Brexit — The Known Unknowns

Date Published: 14 June 2016

Category: Brexit

It is often smart to be contrarian and oppose the herd mentality when fundamentals become mis-priced as a result of excessive fear or greed.

Sometimes markets are effectively paying you to act one way as the probabilities are skewed in your favour.  There are not many consistently successful professional sports’ betters but the ones I have met or read about seem to dispassionately look at the bookies odds and dispassionately compare these with their own perceived odds. The commonality appears to be that when there is a substantial difference they deal, when there isn’t they don’t.

Is the Brexit uncertainty one of those occasions, or one of the occasions when to deal on a result which is extremely uncertain, and which then produce an outcome, in terms of likely precise market impacts, that is even more uncertain? Remember the recent UK election and the success of the polls?

In terms of referenda, there is a lack of data to help pollsters as there have only been two UK referenda: the first on membership of the European Economic Community in 1975, and the second on adopting the Alternative vote system in parliamentary elections in 2011.

What do the bookies say the odds of Brexit are?

The ‘Oddschecker Average Probability of BREXIT Implied from Betting Odds’ Index is based on bookmaker quotes.

At the close on Monday 13 June 2016 what were the bookie odds? — remembering this is after the shock poll of 10th June for The Independent that revealed voting intentions of 55% Brexit, 45% Bremain and various other polls overnight that have also put Brexit in the lead.


Source: Bloomberg

What would be the Impact in the very short term of a Brexit or Bremain vote?

This is an unknown known and there are plenty of different forecasts in the market.  However, by looking at the impact of last Friday’s ‘shock’ poll that indicated Brexit was ahead by 55% to 45%, we can reasonably estimate how different markets will fare.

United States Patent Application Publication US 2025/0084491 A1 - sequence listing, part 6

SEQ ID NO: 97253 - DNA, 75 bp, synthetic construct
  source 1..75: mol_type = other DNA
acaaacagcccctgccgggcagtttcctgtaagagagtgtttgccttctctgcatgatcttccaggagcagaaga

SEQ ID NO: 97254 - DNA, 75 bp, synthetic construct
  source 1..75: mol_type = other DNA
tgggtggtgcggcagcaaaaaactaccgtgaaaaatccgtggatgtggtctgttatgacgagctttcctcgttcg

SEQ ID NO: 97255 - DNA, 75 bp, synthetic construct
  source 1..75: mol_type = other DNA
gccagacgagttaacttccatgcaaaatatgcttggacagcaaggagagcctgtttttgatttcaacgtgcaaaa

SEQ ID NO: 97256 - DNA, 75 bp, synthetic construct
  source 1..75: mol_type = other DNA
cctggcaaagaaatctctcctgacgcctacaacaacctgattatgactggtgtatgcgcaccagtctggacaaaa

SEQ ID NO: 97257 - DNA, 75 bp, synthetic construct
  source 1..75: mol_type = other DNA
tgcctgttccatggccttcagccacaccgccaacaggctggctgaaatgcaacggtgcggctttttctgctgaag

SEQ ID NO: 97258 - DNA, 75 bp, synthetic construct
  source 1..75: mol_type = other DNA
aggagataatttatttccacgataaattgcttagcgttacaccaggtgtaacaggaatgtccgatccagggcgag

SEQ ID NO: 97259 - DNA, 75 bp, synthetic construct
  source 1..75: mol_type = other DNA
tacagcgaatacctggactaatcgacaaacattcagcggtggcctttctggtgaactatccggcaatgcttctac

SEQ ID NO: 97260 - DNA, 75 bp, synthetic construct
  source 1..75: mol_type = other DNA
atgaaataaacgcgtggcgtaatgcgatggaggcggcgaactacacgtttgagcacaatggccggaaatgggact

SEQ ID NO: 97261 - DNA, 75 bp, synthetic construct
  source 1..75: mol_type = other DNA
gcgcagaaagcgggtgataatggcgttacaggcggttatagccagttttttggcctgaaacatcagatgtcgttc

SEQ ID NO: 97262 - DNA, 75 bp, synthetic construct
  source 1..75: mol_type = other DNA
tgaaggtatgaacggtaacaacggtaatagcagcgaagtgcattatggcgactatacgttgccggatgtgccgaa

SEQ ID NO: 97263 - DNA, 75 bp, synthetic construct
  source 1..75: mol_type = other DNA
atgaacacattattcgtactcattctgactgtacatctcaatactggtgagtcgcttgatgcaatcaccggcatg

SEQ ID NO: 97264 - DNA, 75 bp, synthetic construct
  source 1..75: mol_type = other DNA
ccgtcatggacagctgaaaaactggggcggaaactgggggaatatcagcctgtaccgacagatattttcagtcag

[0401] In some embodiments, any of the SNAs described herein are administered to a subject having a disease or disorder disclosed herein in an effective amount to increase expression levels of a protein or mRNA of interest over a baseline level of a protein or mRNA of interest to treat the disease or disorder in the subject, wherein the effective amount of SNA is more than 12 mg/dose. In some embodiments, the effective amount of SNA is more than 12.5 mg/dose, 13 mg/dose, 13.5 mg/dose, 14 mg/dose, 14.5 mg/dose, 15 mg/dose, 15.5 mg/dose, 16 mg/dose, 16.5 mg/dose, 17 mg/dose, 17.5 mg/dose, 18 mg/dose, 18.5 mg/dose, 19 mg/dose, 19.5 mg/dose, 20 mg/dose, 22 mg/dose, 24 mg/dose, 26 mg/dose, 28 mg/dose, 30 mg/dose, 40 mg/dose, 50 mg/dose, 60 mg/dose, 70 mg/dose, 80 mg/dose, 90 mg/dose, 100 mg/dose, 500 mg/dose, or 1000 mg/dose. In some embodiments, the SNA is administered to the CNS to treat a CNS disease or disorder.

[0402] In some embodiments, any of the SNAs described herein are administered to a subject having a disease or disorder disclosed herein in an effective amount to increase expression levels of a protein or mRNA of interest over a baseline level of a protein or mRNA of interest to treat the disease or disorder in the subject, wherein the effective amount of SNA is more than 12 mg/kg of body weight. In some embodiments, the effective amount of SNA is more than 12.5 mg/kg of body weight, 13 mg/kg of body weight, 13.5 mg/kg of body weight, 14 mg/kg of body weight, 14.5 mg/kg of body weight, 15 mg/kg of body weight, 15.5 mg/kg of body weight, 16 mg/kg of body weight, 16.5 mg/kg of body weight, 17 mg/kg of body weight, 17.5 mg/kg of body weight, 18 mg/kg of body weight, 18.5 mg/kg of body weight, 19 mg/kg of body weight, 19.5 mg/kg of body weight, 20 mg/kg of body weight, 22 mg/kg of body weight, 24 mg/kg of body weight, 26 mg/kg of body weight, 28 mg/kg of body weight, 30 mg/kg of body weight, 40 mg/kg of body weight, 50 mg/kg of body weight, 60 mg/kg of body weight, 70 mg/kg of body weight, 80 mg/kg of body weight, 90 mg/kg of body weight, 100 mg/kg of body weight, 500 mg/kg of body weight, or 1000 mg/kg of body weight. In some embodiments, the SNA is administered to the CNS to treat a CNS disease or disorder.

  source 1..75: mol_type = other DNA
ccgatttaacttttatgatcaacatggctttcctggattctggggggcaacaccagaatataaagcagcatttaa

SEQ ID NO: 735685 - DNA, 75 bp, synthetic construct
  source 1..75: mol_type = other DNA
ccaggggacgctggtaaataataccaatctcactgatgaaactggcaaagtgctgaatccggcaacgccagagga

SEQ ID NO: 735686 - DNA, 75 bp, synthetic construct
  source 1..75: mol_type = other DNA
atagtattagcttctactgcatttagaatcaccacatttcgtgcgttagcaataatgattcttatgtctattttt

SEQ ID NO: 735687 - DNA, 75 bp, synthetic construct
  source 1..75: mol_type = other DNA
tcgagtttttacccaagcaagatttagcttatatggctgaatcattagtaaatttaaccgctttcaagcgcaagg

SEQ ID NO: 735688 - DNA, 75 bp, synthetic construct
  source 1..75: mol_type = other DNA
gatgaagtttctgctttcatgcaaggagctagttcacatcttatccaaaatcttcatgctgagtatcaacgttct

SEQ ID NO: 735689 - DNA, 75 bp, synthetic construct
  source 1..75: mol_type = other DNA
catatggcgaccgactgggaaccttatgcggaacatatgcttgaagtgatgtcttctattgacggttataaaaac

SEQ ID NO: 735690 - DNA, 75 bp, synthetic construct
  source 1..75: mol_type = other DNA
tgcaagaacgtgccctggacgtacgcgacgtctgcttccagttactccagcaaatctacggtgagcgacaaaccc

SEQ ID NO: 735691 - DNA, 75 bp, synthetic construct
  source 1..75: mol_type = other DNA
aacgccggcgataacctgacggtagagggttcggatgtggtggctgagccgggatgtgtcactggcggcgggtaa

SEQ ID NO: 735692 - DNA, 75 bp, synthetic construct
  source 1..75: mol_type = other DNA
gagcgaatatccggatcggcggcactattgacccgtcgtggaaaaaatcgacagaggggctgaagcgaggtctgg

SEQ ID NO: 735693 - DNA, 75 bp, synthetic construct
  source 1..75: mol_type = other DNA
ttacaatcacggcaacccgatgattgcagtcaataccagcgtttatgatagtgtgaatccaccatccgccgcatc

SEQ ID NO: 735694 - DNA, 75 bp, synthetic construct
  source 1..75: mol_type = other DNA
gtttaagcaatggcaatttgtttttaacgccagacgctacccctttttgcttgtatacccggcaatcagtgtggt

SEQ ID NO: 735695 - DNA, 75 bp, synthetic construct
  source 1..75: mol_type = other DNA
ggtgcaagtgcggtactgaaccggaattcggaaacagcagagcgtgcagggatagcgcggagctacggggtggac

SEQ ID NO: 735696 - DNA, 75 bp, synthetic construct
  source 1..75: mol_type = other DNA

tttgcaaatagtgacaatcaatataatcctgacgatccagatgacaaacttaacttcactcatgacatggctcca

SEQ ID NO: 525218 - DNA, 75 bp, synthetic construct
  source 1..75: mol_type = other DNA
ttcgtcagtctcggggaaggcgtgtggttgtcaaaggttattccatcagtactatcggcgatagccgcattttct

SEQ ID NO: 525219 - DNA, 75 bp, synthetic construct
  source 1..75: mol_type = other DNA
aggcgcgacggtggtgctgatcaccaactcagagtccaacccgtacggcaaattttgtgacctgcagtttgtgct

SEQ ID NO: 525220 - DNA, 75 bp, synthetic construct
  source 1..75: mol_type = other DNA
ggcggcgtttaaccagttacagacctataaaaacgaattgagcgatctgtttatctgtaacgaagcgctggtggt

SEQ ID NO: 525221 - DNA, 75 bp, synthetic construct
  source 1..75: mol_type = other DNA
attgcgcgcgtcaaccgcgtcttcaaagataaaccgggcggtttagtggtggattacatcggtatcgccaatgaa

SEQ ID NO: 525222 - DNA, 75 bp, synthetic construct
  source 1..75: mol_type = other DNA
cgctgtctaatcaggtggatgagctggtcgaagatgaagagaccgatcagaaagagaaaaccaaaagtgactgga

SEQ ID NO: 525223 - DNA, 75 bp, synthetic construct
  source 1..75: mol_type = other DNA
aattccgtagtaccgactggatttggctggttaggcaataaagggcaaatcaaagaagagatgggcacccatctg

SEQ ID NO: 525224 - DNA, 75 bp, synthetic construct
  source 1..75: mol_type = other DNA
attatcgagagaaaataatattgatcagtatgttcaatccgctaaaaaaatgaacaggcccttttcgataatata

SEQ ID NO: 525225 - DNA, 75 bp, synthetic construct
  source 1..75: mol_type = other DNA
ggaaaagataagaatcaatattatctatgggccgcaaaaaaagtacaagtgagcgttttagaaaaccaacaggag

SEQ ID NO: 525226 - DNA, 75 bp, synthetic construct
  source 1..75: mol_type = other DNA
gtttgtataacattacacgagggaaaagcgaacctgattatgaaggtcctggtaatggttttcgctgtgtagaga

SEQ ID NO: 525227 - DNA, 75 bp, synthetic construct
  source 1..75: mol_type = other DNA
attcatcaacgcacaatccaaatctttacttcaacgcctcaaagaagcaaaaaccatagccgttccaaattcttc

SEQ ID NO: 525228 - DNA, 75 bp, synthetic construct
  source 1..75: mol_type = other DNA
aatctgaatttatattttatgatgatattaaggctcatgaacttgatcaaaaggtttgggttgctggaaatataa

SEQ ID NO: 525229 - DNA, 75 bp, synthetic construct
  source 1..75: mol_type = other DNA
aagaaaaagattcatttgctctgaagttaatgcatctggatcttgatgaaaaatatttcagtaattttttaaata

I have discounted the pro-rata movements to the Friday shock poll in the analysis above by 50% to allow for the initial shock factor of this poll result, thereby magnifying market movements, and to allow for an impact of various central bank policy announcements / interventions which would be announced were there to be a Brexit.

As at 10.02am on Tuesday 14th June, the FTSE 100 was 5966.25 which based on our Brexit / Bremain assumption of either 5,513 or 6,371 respectively, would imply that the markets are now discounting a 47% chance of Brexit winning.  

The latest Oddschecker implied probability of Brexit is 44% so currently markets are probably slightly over-estimating the bookies implied odds of us leaving.

Most importantly, whilst nothing is guaranteed or 100% predictable in life or markets, the final poll result and the final poll impact in markets are wholly unpredictable.  We also do not know exactly what actions might be taken by Central Banks were there to be a Brexit or how markets would then take such announcements.

To paraphrase, the ex US Secretary of Defence, Donald Rumsfeld, to deal on “known unknowns” might be sensible, to deal on “unknown knowns” madness.

Alan Miller — CIO, SCM

Tel: 020 7838 8650

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